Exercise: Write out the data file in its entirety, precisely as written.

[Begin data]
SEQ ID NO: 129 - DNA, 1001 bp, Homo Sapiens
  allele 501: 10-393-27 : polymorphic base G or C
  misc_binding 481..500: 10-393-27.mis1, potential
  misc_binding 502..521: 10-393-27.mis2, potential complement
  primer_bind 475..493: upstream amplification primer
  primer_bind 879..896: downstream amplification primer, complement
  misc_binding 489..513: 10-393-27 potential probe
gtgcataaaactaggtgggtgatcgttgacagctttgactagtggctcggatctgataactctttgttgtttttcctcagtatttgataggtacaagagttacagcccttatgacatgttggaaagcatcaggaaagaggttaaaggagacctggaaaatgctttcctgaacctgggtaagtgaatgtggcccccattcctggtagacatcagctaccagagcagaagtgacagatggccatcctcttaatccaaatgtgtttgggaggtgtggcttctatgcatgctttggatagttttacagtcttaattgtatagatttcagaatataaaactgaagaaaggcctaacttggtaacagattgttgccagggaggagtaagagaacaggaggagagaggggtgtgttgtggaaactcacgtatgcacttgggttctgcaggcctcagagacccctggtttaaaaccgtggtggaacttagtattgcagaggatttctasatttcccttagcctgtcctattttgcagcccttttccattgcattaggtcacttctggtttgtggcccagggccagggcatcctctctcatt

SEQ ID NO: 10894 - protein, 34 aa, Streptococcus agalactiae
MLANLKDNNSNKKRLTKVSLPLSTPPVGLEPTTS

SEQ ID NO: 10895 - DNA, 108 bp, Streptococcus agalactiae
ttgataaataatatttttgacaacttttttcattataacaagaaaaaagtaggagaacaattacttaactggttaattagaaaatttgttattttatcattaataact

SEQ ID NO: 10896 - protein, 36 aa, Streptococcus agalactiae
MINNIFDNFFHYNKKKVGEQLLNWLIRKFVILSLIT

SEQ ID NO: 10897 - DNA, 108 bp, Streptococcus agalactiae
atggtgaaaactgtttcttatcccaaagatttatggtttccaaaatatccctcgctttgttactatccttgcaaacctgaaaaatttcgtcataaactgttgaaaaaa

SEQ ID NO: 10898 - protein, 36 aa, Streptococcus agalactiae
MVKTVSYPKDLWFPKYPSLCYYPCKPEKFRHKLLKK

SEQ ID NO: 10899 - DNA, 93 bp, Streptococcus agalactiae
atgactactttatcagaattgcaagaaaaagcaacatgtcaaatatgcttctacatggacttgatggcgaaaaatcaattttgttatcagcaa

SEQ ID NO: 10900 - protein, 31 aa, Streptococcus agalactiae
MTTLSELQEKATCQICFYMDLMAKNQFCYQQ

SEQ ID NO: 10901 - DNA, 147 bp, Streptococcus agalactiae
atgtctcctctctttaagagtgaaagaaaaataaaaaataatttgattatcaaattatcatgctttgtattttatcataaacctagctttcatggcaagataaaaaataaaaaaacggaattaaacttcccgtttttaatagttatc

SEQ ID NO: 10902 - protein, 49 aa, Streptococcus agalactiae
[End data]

SEQ ID NO: 129 - DNA, 1001 bp, Homo Sapiens
  allele 501: 10-393-27 : polymorphic base G or C
  misc_binding 481..500: 10-393-27.mis1, potential
  misc_binding 502..521: 10-393-27.mis2, potential complement
  primer_bind 475..493: upstream amplification primer
  primer_bind 879..896: downstream amplification primer, complement
  misc_binding 489..513: 10-393-27 potential probe
gtgcataaaactaggtgggtgatcgttgacagctttgactagtggctcggatctgataactctttgttgtttttcctcagtatttgataggtacaagagttacagcccttatgacatgttggaaagcatcaggaaagaggttaaaggagacctggaaaatgctttcctgaacctgggtaagtgaatgtggcccccattcctggtagacatcagctaccagagcagaagtgacagatggccatcctcttaatccaaatgtgtttgggaggtgtggcttctatgcatgctttggatagttttacagtcttaattgtatagatttcagaatataaaactgaagaaaggcctaacttggtaacagattgttgccagggaggagtaagagaacaggaggagagaggggtgtgttgtggaaactcacgtatgcacttgggttctgcaggcctcagagacccctggtttaaaaccgtggtggaacttagtattgcagaggatttctasatttcccttagcctgtcctattttgcagcccttttccattgcattaggtcacttctggtttgtggcccagggccagggcatcctctctcatt

SEQ ID NO: 10894 - protein, 34 aa, Streptococcus agalactiae
MLANLKDNNSNKKRLTKVSLPLSTPPVGLEPTTS

SEQ ID NO: 10895 - DNA, 108 bp, Streptococcus agalactiae
ttgataaataatatttttgacaacttttttcattataacaagaaaaaagtaggagaacaattacttaactggttaattagaaaatttgttattttatcattaataact

SEQ ID NO: 10896 - protein, 36 aa, Streptococcus agalactiae
MINNIFDNFFHYNKKKVGEQLLNWLIRKFVILSLIT

SEQ ID NO: 10897 - DNA, 108 bp, Streptococcus agalactiae
atggtgaaaactgtttcttatcccaaagatttatggtttccaaaatatccctcgctttgttactatccttgcaaacctgaaaaatttcgtcataaactgttgaaaaaa

SEQ ID NO: 10898 - protein, 36 aa, Streptococcus agalactiae
MVKTVSYPKDLWFPKYPSLCYYPCKPEKFRHKLLKK

SEQ ID NO: 10899 - DNA, 93 bp, Streptococcus agalactiae
atgactactttatcagaattgcaagaaaaagcaacatgtcaaatatgcttctacatggacttgatggcgaaaaatcaattttgttatcagcaa

SEQ ID NO: 10900 - protein, 31 aa, Streptococcus agalactiae
MTTLSELQEKATCQICFYMDLMAKNQFCYQQ

SEQ ID NO: 10901 - DNA, 147 bp, Streptococcus agalactiae
atgtctcctctctttaagagtgaaagaaaaataaaaaataatttgattatcaaattatcatgctttgtattttatcataaacctagctttcatggcaagataaaaaataaaaaaacggaattaaacttcccgtttttaatagttatc

SEQ ID NO: 10902 - protein, 49 aa, Streptococcus agalactiae